CHICAGO — The coronavirus pandemic has shocked the foodservice industry on nearly all fronts. Convenience stores and supermarkets have curtailed much of their food programs while restaurants remain shut down except for carryout and delivery. But how will the foodservice industry operate when the pandemic eases?
In a new white paper, CSP’s sister research firm, Technomic, attempts to answer that question.
“Coming out of this pandemic, there are certain trends that will accelerate in the short term and may have longer-lasting impact on the industry over the course of the next several years,” Technomic said. “These macrotrends will generally be true across most foodservice sectors and will have impact on not only operators but also will reverberate through the supply chain.”
Here’s how the foodservice industry might look once the health crisis is over—whenever that may be …
A recession awaits
Technomic has outlined three outcomes that the foodservice industry could face once the coronavirus outbreak slows. All three scenarios include an economic recession through the end of 2020. The mildest scenario would inflict an 18% decline in year-over-year foodservice revenue, and the worst would be a devastating 26% drop. These numbers are greater than Technomic’s forecasts in late March, which included a 10% to 11% drop for the mildest scenario and a 21% to 22% drop in the worst-case scenario.
“With the rapid collapse of the U.S. economy, it’s clear that a recession has become likely,” Technomic said.
The labor headache
Although many c-store chains have launched hiring initiatives during this time, labor—especially recruitment and training—will remain one of the industry’s biggest challenges once the crisis subsides. Operators should focus on cross-training their staff to handle multiple duties in different departments, Technomic said. This may help if other employees fall ill and cannot come to work or are furloughed or laid off during another crisis.
Made-to-order food will fall
More than a third (38%) of c-store operators said their made-to-order foodservice items have dipped in sales since the start of the pandemic, according to a recent CSP survey. Expect this to increase even as the pandemic slows, Technomic said, because the labor challenges will encourage customers to purchase cheaper food options such as grab-and-go items.
Off-premise will grow
Off-premise technologies such as home delivery, preordering through mobile apps, online ordering and cashierless shopping are increasingly becoming part of the c-store industry. Even as the pandemic slows, expect more operators to invest in these services; these formats may become more common than in-store purchasing altogether, according to more than half (51%) of the respondents to CSP’s recent retailer survey.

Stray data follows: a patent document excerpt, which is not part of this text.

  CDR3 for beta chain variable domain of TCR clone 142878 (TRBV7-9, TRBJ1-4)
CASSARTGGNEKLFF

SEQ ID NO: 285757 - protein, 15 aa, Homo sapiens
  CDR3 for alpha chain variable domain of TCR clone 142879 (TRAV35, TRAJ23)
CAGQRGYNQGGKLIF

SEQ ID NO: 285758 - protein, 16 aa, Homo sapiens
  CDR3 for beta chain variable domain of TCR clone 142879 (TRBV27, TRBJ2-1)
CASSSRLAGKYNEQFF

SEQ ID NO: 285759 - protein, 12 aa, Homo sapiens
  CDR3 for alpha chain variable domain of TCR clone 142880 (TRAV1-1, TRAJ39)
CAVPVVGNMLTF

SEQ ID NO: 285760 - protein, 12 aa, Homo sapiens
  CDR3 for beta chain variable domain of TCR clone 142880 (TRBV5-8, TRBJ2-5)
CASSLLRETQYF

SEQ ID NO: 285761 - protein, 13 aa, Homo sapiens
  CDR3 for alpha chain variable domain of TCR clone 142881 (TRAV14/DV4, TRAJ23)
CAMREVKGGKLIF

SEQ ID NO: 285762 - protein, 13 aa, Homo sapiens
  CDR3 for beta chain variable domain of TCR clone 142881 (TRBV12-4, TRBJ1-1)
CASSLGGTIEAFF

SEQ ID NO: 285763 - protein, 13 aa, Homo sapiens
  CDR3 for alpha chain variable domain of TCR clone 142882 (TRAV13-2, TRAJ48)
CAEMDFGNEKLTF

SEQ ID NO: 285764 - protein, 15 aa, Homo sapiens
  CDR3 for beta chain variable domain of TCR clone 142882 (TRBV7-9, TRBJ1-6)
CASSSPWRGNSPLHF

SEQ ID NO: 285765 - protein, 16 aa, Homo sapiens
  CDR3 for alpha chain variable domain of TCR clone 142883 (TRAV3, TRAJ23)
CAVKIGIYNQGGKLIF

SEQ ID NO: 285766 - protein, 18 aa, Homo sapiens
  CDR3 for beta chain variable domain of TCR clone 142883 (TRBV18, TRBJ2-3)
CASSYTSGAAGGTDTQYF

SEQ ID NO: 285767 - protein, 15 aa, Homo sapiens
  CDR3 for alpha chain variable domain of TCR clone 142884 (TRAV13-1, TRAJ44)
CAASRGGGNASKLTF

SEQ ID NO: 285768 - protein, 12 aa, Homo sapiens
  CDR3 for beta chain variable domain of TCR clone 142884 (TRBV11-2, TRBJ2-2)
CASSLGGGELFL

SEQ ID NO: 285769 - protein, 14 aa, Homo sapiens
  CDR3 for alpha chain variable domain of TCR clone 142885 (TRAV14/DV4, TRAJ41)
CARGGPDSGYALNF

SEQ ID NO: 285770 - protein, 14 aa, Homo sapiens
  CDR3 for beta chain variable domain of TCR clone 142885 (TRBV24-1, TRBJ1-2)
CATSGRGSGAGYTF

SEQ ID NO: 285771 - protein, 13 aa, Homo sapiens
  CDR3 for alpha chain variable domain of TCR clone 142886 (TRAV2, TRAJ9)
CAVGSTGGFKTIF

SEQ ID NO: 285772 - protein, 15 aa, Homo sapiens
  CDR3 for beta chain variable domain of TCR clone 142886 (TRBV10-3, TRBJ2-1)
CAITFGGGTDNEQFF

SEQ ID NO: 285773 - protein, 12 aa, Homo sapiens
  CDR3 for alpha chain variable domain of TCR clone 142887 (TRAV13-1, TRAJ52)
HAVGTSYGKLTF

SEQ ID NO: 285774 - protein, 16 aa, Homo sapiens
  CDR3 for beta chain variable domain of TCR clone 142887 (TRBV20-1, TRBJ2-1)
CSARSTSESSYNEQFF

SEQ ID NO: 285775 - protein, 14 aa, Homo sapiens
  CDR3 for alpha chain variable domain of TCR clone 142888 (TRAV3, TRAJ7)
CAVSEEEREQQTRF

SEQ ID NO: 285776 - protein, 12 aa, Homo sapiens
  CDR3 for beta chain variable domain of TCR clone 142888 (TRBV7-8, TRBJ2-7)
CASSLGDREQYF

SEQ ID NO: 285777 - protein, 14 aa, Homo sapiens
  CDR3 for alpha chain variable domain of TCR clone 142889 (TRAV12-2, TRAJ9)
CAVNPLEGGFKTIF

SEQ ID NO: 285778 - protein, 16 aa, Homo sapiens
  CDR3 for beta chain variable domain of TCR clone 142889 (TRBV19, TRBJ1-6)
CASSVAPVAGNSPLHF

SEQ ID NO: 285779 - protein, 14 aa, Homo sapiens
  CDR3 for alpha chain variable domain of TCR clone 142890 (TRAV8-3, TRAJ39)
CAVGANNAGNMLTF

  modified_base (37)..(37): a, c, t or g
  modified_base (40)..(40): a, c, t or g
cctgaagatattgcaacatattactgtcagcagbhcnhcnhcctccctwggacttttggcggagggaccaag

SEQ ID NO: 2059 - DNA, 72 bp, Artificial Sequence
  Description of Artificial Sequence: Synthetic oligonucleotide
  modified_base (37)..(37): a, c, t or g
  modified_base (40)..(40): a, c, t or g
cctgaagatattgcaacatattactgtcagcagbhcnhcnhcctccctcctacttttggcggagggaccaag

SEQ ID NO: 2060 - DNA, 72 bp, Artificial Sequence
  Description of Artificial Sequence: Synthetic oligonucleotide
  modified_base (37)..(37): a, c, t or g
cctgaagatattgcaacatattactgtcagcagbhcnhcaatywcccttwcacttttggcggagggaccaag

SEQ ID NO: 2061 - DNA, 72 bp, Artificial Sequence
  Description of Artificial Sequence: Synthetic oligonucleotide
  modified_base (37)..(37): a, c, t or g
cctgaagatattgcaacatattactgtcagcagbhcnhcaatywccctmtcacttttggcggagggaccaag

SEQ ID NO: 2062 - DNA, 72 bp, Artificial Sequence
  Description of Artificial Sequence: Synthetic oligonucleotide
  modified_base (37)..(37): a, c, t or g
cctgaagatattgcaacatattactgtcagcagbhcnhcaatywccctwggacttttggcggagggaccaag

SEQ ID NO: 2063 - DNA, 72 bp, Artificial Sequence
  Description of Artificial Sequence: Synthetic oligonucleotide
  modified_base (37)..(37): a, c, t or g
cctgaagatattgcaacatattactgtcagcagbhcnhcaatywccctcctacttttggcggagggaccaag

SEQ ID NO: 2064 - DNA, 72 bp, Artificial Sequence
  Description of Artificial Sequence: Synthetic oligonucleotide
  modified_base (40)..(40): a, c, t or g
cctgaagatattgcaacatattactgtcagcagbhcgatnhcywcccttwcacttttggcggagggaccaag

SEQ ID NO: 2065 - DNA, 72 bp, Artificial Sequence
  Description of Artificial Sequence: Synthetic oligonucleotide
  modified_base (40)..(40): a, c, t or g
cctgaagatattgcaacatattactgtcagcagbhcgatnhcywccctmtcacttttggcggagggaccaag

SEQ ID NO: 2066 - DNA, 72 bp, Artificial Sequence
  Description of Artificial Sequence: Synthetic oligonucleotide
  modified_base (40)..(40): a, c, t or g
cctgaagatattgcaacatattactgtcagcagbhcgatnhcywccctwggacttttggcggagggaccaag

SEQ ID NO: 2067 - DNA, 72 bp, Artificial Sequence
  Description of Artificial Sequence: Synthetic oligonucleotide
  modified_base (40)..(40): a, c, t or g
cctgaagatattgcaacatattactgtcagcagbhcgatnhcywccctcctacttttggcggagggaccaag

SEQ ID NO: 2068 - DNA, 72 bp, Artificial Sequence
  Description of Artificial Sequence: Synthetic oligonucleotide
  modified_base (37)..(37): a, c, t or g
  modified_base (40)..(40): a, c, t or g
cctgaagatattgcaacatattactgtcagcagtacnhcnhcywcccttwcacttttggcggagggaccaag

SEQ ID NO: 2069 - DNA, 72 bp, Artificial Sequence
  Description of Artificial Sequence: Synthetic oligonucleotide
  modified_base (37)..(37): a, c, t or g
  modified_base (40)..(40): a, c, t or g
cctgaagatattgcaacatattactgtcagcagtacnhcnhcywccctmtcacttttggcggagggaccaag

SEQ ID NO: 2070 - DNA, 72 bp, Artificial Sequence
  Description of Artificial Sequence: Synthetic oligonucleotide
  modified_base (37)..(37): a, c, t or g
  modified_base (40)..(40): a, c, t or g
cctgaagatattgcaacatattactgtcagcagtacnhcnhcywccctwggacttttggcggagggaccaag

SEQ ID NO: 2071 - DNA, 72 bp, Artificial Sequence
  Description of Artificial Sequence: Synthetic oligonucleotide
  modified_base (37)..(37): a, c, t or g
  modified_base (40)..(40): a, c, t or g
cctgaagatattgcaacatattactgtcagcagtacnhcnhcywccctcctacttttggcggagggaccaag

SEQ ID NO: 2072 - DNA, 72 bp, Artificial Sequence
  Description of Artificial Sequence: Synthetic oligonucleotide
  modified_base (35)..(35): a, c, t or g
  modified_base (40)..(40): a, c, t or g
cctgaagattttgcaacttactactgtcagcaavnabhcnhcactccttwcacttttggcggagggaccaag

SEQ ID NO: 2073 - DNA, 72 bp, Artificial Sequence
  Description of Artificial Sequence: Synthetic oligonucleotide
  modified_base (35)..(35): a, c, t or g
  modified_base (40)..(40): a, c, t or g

“This crisis has shown that having any off-premise strategy to diversify risk is a must,” Technomic said.
Since the beginning of March, numerous chains have halted self-serve food and beverage options in their stores, and it’s likely that some self-service stations will remain closed permanently once the pandemic slows, Technomic said.
“Self-service roller grills and other self-service stations are vulnerable and could potentially be removed or reduced in number and scope,” Technomic said. “Changing methods and dispensing styles, as well as a renewed hypersensitivity to sanitization to ensure safety, will likely be necessary.”
Single-use packaging will increase
Consumers have increasingly desired sustainable packaging options over the years, and while many operators have listened, this will likely halt after the pandemic, Technomic said. Operators are focusing on “safe” packaging, such as single-use cups, during this time to protect their customers and employees. Also, cost is a driver for packaging, and the price of single-use cups and to-go boxes, for instance, are cheaper than those of sustainable options.
Menus will be streamlined
C-store retailers, restaurant and grocery operators will likely focus on selling their core food and beverage items—those that drive the most profits and are popular—immediately after the crisis, Technomic said. These are the items that will keep their businesses afloat while they are being forced to cut back on their supply.
“Assess and evaluate the menu to focus on items that are most profitable and travel well,” Technomic said.